We arrived late on the Thursday night and were staying in a brilliant apartment in Prenzlauer Berg that we found on airbnb, with a balcony hosting uninterrupted views of the TV Tower. We had four days and not a lot planned – some flea markets, some food markets, some bars, some schnitzel, a micro brewery (guess who’s list that was on), an exhibition and some general submersion in all things Berlin Late Summer.

The chestnut trees in Prater Biergarten
It was killer. On Friday we ambled around Prenzlauer Berg, had beers under the chestnut trees in Prater biergarten on Kastanienallee, ducked into a few little shops (guess who wanted to do what), drank gin & tonics in the afternoon sun and had schnitzel for dinner.

On Saturday we walked over to Kollwitzplatz for the weekly organic food market and stocked up on cheeses and strawberries and white peaches before taking the clanging old bikes that came with the apartment out for a spin.

Organic market on Kollwitzplatz
Heading out of the Berg through Mitte, down Unter den Linden and out under the Brandenburg Gate, we made for another food market, this one on Winterfeldplatz in Schöneberg. Lunch was Turkish gozleme, raclette, chunks of watermelon and fresh orange juice and we had a great time just generally ogling all the colours and smells and activities.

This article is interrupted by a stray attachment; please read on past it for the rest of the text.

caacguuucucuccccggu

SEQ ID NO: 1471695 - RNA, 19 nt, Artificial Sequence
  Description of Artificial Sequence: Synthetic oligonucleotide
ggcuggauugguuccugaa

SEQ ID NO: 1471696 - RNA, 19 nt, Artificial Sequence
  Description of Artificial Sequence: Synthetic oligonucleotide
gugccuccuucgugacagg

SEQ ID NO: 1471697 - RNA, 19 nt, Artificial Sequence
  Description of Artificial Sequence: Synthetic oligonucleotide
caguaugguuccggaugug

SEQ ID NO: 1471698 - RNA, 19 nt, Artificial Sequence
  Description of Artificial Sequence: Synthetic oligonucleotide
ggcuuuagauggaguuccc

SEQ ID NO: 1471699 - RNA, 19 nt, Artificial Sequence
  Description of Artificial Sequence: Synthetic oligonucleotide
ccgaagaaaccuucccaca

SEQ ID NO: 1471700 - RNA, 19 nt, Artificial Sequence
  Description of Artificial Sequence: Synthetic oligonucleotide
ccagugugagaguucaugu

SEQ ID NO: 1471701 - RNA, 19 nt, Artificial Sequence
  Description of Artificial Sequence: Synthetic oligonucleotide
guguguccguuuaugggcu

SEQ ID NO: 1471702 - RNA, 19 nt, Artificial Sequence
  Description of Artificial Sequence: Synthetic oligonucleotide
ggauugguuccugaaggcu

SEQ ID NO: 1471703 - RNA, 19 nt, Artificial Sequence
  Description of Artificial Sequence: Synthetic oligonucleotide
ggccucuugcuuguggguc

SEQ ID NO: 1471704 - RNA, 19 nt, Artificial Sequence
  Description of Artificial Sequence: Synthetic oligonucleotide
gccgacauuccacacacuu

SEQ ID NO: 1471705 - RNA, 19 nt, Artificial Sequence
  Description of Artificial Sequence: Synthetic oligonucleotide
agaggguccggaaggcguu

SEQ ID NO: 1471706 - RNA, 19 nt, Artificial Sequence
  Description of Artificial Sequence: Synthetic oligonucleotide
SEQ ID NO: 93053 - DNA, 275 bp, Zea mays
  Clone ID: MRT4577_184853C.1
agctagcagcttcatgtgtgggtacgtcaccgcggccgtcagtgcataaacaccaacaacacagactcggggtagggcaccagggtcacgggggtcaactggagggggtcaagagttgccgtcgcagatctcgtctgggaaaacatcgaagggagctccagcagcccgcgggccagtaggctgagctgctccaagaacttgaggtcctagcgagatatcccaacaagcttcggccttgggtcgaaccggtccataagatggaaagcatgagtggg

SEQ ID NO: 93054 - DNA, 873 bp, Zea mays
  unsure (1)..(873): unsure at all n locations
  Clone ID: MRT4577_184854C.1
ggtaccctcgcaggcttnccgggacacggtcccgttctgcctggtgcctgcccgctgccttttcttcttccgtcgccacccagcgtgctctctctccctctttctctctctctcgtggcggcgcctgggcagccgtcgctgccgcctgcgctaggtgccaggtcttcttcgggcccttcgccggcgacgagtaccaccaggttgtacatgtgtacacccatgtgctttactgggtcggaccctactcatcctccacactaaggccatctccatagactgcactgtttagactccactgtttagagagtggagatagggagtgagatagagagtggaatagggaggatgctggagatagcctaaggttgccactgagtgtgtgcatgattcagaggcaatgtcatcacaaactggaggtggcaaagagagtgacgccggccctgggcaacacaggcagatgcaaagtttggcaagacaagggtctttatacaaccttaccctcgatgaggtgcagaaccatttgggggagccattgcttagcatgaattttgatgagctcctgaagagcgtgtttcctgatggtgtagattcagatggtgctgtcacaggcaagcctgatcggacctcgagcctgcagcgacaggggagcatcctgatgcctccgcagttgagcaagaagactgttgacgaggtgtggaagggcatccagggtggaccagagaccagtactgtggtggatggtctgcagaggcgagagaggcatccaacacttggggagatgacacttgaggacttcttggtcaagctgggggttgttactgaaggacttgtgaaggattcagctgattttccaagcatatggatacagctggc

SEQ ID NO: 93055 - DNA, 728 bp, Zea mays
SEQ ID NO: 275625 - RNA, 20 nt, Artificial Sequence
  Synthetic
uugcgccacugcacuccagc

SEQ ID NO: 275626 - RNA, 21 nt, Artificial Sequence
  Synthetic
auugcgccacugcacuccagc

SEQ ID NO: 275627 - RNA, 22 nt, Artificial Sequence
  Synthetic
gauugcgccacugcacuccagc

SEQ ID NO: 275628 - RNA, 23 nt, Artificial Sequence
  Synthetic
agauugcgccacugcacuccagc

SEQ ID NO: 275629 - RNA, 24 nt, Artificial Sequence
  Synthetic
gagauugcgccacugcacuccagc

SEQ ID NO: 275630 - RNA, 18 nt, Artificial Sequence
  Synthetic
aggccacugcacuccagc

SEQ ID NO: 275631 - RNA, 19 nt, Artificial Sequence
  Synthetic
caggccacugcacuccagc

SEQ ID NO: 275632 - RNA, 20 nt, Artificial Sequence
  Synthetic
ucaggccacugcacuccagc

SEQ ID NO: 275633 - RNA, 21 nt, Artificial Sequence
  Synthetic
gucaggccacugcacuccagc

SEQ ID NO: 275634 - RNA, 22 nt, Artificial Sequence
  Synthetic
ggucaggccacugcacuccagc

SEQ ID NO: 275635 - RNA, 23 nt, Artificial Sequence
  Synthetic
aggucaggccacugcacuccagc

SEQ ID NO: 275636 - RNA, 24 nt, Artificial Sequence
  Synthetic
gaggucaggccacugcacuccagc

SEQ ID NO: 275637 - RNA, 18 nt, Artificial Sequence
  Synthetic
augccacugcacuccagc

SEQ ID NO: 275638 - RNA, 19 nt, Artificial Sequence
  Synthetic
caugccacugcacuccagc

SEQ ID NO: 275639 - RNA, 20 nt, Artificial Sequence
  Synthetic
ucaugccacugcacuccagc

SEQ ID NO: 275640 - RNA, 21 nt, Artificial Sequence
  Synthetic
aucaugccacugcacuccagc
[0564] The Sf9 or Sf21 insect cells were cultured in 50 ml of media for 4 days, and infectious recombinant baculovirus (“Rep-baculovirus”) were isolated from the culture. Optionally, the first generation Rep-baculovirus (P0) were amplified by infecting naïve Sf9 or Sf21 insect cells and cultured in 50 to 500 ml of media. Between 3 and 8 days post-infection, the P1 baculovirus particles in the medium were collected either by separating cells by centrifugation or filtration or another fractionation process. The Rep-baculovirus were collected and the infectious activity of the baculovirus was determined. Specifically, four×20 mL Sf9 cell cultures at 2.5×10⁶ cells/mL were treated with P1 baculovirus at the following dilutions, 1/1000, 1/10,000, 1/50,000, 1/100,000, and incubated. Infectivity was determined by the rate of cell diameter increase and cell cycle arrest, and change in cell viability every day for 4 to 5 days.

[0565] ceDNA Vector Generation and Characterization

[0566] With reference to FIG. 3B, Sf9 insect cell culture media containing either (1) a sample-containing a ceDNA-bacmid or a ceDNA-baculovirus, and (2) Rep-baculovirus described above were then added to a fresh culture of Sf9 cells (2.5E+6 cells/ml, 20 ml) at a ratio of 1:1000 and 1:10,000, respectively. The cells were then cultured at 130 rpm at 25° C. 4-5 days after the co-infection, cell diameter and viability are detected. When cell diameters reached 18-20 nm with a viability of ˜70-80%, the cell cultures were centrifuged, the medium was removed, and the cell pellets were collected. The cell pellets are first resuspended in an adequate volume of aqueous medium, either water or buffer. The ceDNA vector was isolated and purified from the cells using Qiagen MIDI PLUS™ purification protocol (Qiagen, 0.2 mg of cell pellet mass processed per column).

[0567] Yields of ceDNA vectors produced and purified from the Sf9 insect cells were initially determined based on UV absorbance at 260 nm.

From here we had one last stop before our carpet picnic back at the apartment, a holiday tradition we started way back in Sardinia. And that was a visit to a micro-brewery in Wedding. This was my concession to LB who was staring down a Sunday spent trawling fleamarkets and actually, despite the epic peddle and the quiet understatement of outer former east Berlin, there was something quite lovely about this little brewery set within the courtyard of an old apartment block under big lovely green old trees. Not being much of a beer connoisseur I can’t speak to the quality of the beverages but I’m informed they were excellent.

Sunday was given over to the fleamarkets – the epic Mauerpark and a new one over in Kreuzberg, Nowkoelln, that happens monthly and has more of a vintage focus than the sprawling, dirty, ad hoc acre that is the weekly Prenzlauer Berg institution.

Hunting for treasure at Mauerpark
In the past Mauerpark has proven a veritable gold mine – knickknacks and jewellery and bags and all sorts of wonder. I wouldn’t say it’s jumped the shark but the ratio of tat to treasure has definitely tipped towards the latter and mining through the boxes of rubble means literally getting your hands dirty. I managed not to leave empty-handed, finding some lovely vintage photo frames and a lovely little black and gold woollen handbag, but between the crowds and the dust and the god awful thrash music wafting over from a nearby music festival, it wasn’t the most rewarding of experiences.

Back streets of Kreuzberg
Because my arse was still killing me from the bike ride the day before, we abandoned the bikes in Mitte, chained to a railing, and hopped the U-bahn stop to Kreuzberg. There was rather a lot of tat at Nowkoelln too but taking up residence along one of the canals that leads off the Spree, under the shade of lovely big trees, it was definitely a more enjoyable experience poking around here in the afternoon. 

And because it was such a lovely day and because we were in anything but a hurry, we decided to walk back to the bikes. It took us nearly an hour and a half but it’s amazing how much more you can absorb of a city when you can stick your nose in every other window.